What is V-synch?

Vertical sync or v-sync is a display option that synchronizes the frame rate of your graphics card with the refresh rate of your console or computer monitor. V-sync limits frames per second (FPS) to the refresh rate of your monitor. V-sync helps prevent screen tears – when the image your screen displays is a “torn” combination of two separate frames, but it also limits FPS.

Frame Rate vs. Refresh Rate

Frame rate is the number of still images your display flashes every second while you play a game. Your graphics card determines your maximum frame rate, although you can artificially decrease the maximum by changing your display resolution or game settings. The higher the frame rate, the more often your graphics will update and the smoother your game will appear.

Refresh rate, on the other hand, is how many times per second your monitor refreshes the image rendered by your graphics card – independent of the frame rate of your display. Refresh rate is measured in hertz (Hz), which is the standard unit of measurement for frequency. One Hz is equal to one cycle per second, so it’s just a more generic equivalent of FPS.

When your Frame Rate and Refresh Rate don’t Match

When your frame rate and refresh rate are different, the lower of the two specifications will determine how often your game actually refreshes. For example, if your display is operating at 120 FPS, but your monitor has a client update rate of 60 Hz, it will feel like you’re playing games with a frame rate of 60 FPS. On the other hand, if you have a 144 Hz monitor, but your frame rate is 60 FPS, your display will only show half the frames it receives from the graphics card.

When your frame rate and refresh rate aren’t in sync, you might also see screen tearing. A torn screen displays information from multiple frames at once, so the image on the screen looks like two images cut in half and pasted together. It occurs when your graphics card processes frames at a rate too quick for your monitor to handle, so the monitor combines data from two or more frames.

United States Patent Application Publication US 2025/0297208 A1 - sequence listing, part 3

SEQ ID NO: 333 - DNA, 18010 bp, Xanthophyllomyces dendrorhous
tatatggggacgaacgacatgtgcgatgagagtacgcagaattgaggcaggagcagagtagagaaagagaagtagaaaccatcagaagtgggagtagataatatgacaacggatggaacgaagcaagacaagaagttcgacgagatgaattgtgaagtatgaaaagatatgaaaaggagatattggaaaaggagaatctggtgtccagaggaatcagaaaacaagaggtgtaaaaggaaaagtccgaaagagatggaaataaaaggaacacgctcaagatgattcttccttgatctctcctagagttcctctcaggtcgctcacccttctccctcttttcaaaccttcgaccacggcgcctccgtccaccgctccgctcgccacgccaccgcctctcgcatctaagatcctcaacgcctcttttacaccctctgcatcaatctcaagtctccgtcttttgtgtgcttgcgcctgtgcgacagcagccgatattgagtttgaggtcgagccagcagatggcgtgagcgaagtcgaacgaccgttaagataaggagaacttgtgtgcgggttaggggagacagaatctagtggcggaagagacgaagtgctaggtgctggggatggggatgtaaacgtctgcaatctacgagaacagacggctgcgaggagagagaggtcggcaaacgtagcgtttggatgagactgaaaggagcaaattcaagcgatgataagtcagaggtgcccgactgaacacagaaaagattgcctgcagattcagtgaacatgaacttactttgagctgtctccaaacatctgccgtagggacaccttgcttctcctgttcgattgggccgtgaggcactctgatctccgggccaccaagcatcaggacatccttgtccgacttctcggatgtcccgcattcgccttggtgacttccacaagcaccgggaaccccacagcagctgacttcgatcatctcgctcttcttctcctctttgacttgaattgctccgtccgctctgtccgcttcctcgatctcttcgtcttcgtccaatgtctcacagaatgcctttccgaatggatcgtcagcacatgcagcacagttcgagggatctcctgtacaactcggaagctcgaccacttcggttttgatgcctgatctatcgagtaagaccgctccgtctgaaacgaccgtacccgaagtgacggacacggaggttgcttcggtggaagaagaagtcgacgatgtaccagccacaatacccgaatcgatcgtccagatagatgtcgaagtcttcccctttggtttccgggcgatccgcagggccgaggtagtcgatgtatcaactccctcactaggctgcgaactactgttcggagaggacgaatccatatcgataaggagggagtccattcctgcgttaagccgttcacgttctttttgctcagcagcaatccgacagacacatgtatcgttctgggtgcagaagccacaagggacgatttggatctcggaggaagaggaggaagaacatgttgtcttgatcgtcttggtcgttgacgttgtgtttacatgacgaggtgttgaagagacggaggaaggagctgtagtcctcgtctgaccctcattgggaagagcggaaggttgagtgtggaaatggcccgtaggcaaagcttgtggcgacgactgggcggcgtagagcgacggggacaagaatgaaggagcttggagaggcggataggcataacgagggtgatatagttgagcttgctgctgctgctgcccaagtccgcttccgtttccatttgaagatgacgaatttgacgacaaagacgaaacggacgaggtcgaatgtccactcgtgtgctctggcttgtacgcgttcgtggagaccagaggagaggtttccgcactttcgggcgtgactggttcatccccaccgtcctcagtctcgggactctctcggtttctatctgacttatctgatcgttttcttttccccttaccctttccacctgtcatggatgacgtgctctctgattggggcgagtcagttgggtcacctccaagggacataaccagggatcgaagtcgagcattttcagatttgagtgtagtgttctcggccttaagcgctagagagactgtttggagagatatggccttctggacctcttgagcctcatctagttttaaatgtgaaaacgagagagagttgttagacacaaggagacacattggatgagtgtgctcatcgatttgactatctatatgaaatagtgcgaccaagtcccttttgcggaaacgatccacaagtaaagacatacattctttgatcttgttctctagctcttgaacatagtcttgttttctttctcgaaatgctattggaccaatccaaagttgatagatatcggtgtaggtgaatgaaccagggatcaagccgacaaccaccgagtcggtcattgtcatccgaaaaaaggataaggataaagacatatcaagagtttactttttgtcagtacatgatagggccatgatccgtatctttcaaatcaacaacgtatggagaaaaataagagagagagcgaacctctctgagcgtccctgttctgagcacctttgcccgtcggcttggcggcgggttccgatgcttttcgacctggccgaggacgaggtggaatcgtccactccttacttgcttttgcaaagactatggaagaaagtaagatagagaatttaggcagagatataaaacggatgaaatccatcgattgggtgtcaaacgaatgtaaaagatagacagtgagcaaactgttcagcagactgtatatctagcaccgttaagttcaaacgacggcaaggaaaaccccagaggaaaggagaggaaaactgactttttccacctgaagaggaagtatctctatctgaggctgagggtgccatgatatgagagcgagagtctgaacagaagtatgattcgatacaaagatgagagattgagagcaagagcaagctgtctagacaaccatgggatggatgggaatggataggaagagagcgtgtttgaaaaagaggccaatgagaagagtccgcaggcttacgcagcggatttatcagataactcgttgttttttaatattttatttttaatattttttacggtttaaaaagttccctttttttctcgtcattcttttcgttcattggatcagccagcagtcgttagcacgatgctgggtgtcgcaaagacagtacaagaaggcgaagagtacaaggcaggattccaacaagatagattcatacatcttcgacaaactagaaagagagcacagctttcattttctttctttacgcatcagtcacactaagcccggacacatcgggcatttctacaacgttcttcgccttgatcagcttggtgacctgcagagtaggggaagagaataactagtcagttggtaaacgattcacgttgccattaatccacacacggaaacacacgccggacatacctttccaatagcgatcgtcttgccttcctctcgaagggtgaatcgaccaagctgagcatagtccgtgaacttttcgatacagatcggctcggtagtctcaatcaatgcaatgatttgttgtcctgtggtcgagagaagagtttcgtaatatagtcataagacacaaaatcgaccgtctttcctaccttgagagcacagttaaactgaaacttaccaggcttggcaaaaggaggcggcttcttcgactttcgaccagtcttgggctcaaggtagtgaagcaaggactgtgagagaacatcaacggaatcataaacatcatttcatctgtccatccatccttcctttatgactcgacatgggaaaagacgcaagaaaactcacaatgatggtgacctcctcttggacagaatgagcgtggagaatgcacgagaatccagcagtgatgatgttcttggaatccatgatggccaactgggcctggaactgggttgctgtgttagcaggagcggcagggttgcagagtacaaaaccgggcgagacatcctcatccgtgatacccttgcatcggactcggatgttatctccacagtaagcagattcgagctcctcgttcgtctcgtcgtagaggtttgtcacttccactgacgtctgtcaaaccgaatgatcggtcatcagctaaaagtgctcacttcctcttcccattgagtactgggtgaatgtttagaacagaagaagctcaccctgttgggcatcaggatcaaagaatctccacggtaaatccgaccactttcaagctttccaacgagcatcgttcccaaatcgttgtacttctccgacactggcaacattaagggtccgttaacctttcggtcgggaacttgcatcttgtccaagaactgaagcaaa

How to Enable or Disable V-synch

If you have screen tearing, v-synch will stabilize your frame rate so you only see data from one frame at a time. V-synch is also a useful setting if your graphics card is just way too powerful for the graphics of a particular game – like an older game, for example. V-synch prevents your processor from overheating as it attempts to refresh outdated graphics at an insane rate.

If you don’t have screen tears and your graphics card isn’t overheating, v-synch might be limiting your frame rate (and therefore reducing your game performance) for no reason. When you encounter especially complex graphics in a game, your frame rate will sometimes drop below your refresh rate. In these intense moments, v-synch can push your frame rate even lower – and a delay can occur between when you click and when the game responds.

To enable or disable v-synch, look for it in your game settings.

Fixed Wireless Internet for Rural Gamers

If you live out of range of cable internet, finding an internet connection that’s fast enough for gaming can be a challenge. Fixed wireless internet is a great, low latency solution for rural gamers who are too far from the local hub to get wired internet.

Stephen Kota

About Stephen Kota

Founder & Primary Author

Stephen enjoys photography, boating and gardening. He cares for pet Kois in his water garden.

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